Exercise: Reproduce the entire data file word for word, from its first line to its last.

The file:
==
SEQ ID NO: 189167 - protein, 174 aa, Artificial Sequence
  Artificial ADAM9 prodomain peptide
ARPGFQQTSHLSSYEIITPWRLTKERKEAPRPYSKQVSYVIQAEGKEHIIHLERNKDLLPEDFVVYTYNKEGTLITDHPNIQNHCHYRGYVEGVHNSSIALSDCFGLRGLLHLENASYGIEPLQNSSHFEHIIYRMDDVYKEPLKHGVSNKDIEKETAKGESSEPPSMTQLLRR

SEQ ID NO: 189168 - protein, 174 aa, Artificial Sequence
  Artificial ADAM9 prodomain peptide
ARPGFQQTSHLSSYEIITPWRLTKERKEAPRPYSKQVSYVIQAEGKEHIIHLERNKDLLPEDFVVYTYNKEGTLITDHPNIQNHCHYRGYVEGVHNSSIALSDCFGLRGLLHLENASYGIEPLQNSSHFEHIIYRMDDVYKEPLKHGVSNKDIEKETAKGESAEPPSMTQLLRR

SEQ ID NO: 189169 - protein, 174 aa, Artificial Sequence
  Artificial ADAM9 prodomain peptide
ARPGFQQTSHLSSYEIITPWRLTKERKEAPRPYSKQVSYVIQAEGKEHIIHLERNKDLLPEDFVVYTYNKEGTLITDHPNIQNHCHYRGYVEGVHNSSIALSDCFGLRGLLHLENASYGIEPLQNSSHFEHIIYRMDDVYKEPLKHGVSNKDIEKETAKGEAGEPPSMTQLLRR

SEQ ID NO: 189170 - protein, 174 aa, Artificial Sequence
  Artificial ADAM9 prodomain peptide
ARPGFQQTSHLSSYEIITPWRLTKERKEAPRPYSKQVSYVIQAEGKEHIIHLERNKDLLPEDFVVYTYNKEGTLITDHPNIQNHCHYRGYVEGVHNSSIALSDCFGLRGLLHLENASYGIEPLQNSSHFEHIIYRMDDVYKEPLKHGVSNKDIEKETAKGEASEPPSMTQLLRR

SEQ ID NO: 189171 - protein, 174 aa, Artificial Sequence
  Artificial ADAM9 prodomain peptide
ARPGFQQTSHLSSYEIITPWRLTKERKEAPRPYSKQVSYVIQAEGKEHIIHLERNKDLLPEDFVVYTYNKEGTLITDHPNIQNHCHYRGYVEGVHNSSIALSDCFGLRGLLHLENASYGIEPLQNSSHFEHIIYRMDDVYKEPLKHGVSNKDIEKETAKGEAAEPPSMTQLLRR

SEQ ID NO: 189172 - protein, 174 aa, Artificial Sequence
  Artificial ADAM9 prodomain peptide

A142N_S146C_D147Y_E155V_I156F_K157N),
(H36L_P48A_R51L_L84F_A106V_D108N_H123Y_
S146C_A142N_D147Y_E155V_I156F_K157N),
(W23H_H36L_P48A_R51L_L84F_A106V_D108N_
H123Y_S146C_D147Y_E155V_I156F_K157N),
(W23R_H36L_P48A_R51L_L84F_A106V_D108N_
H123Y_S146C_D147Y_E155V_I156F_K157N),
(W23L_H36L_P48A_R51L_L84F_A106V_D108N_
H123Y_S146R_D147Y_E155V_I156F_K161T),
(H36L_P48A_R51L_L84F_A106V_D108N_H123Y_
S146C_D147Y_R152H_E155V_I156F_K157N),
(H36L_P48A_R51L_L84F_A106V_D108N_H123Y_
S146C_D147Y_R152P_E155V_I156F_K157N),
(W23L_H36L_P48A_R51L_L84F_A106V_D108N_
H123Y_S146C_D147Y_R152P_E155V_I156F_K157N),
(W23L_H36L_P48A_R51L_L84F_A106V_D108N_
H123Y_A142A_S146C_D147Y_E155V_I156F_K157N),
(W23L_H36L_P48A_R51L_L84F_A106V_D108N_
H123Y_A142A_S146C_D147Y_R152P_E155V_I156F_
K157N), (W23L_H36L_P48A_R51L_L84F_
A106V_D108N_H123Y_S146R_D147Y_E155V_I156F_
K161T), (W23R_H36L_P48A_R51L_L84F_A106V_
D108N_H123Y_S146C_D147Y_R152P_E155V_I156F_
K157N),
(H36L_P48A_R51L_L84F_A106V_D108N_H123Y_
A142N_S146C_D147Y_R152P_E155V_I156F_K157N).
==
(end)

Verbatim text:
SEQ ID NO: 189167 - protein, 174 aa, Artificial Sequence
  Artificial ADAM9 prodomain peptide
ARPGFQQTSHLSSYEIITPWRLTKERKEAPRPYSKQVSYVIQAEGKEHIIHLERNKDLLPEDFVVYTYNKEGTLITDHPNIQNHCHYRGYVEGVHNSSIALSDCFGLRGLLHLENASYGIEPLQNSSHFEHIIYRMDDVYKEPLKHGVSNKDIEKETAKGESSEPPSMTQLLRR

SEQ ID NO: 189168 - protein, 174 aa, Artificial Sequence
  Artificial ADAM9 prodomain peptide
ARPGFQQTSHLSSYEIITPWRLTKERKEAPRPYSKQVSYVIQAEGKEHIIHLERNKDLLPEDFVVYTYNKEGTLITDHPNIQNHCHYRGYVEGVHNSSIALSDCFGLRGLLHLENASYGIEPLQNSSHFEHIIYRMDDVYKEPLKHGVSNKDIEKETAKGESAEPPSMTQLLRR

SEQ ID NO: 189169 - protein, 174 aa, Artificial Sequence
  Artificial ADAM9 prodomain peptide
ARPGFQQTSHLSSYEIITPWRLTKERKEAPRPYSKQVSYVIQAEGKEHIIHLERNKDLLPEDFVVYTYNKEGTLITDHPNIQNHCHYRGYVEGVHNSSIALSDCFGLRGLLHLENASYGIEPLQNSSHFEHIIYRMDDVYKEPLKHGVSNKDIEKETAKGEAGEPPSMTQLLRR

SEQ ID NO: 189170 - protein, 174 aa, Artificial Sequence
  Artificial ADAM9 prodomain peptide
ARPGFQQTSHLSSYEIITPWRLTKERKEAPRPYSKQVSYVIQAEGKEHIIHLERNKDLLPEDFVVYTYNKEGTLITDHPNIQNHCHYRGYVEGVHNSSIALSDCFGLRGLLHLENASYGIEPLQNSSHFEHIIYRMDDVYKEPLKHGVSNKDIEKETAKGEASEPPSMTQLLRR

SEQ ID NO: 189171 - protein, 174 aa, Artificial Sequence
  Artificial ADAM9 prodomain peptide
ARPGFQQTSHLSSYEIITPWRLTKERKEAPRPYSKQVSYVIQAEGKEHIIHLERNKDLLPEDFVVYTYNKEGTLITDHPNIQNHCHYRGYVEGVHNSSIALSDCFGLRGLLHLENASYGIEPLQNSSHFEHIIYRMDDVYKEPLKHGVSNKDIEKETAKGEAAEPPSMTQLLRR

SEQ ID NO: 189172 - protein, 174 aa, Artificial Sequence
  Artificial ADAM9 prodomain peptide

A142N_S146C_D147Y_E155V_I156F_K157N),
(H36L_P48A_R51L_L84F_A106V_D108N_H123Y_
S146C_A142N_D147Y_E155V_I156F_K157N),
(W23H_H36L_P48A_R51L_L84F_A106V_D108N_
H123Y_S146C_D147Y_E155V_I156F_K157N),
(W23R_H36L_P48A_R51L_L84F_A106V_D108N_
H123Y_S146C_D147Y_E155V_I156F_K157N),
(W23L_H36L_P48A_R51L_L84F_A106V_D108N_
H123Y_S146R_D147Y_E155V_I156F_K161T),
(H36L_P48A_R51L_L84F_A106V_D108N_H123Y_
S146C_D147Y_R152H_E155V_I156F_K157N),
(H36L_P48A_R51L_L84F_A106V_D108N_H123Y_
S146C_D147Y_R152P_E155V_I156F_K157N),
(W23L_H36L_P48A_R51L_L84F_A106V_D108N_
H123Y_S146C_D147Y_R152P_E155V_I156F_K157N),
(W23L_H36L_P48A_R51L_L84F_A106V_D108N_
H123Y_A142A_S146C_D147Y_E155V_I156F_K157N),
(W23L_H36L_P48A_R51L_L84F_A106V_D108N_
H123Y_A142A_S146C_D147Y_R152P_E155V_I156F_
K157N), (W23L_H36L_P48A_R51L_L84F_
A106V_D108N_H123Y_S146R_D147Y_E155V_I156F_
K161T), (W23R_H36L_P48A_R51L_L84F_A106V_
D108N_H123Y_S146C_D147Y_R152P_E155V_I156F_
K157N),
(H36L_P48A_R51L_L84F_A106V_D108N_H123Y_
A142N_S146C_D147Y_R152P_E155V_I156F_K157N).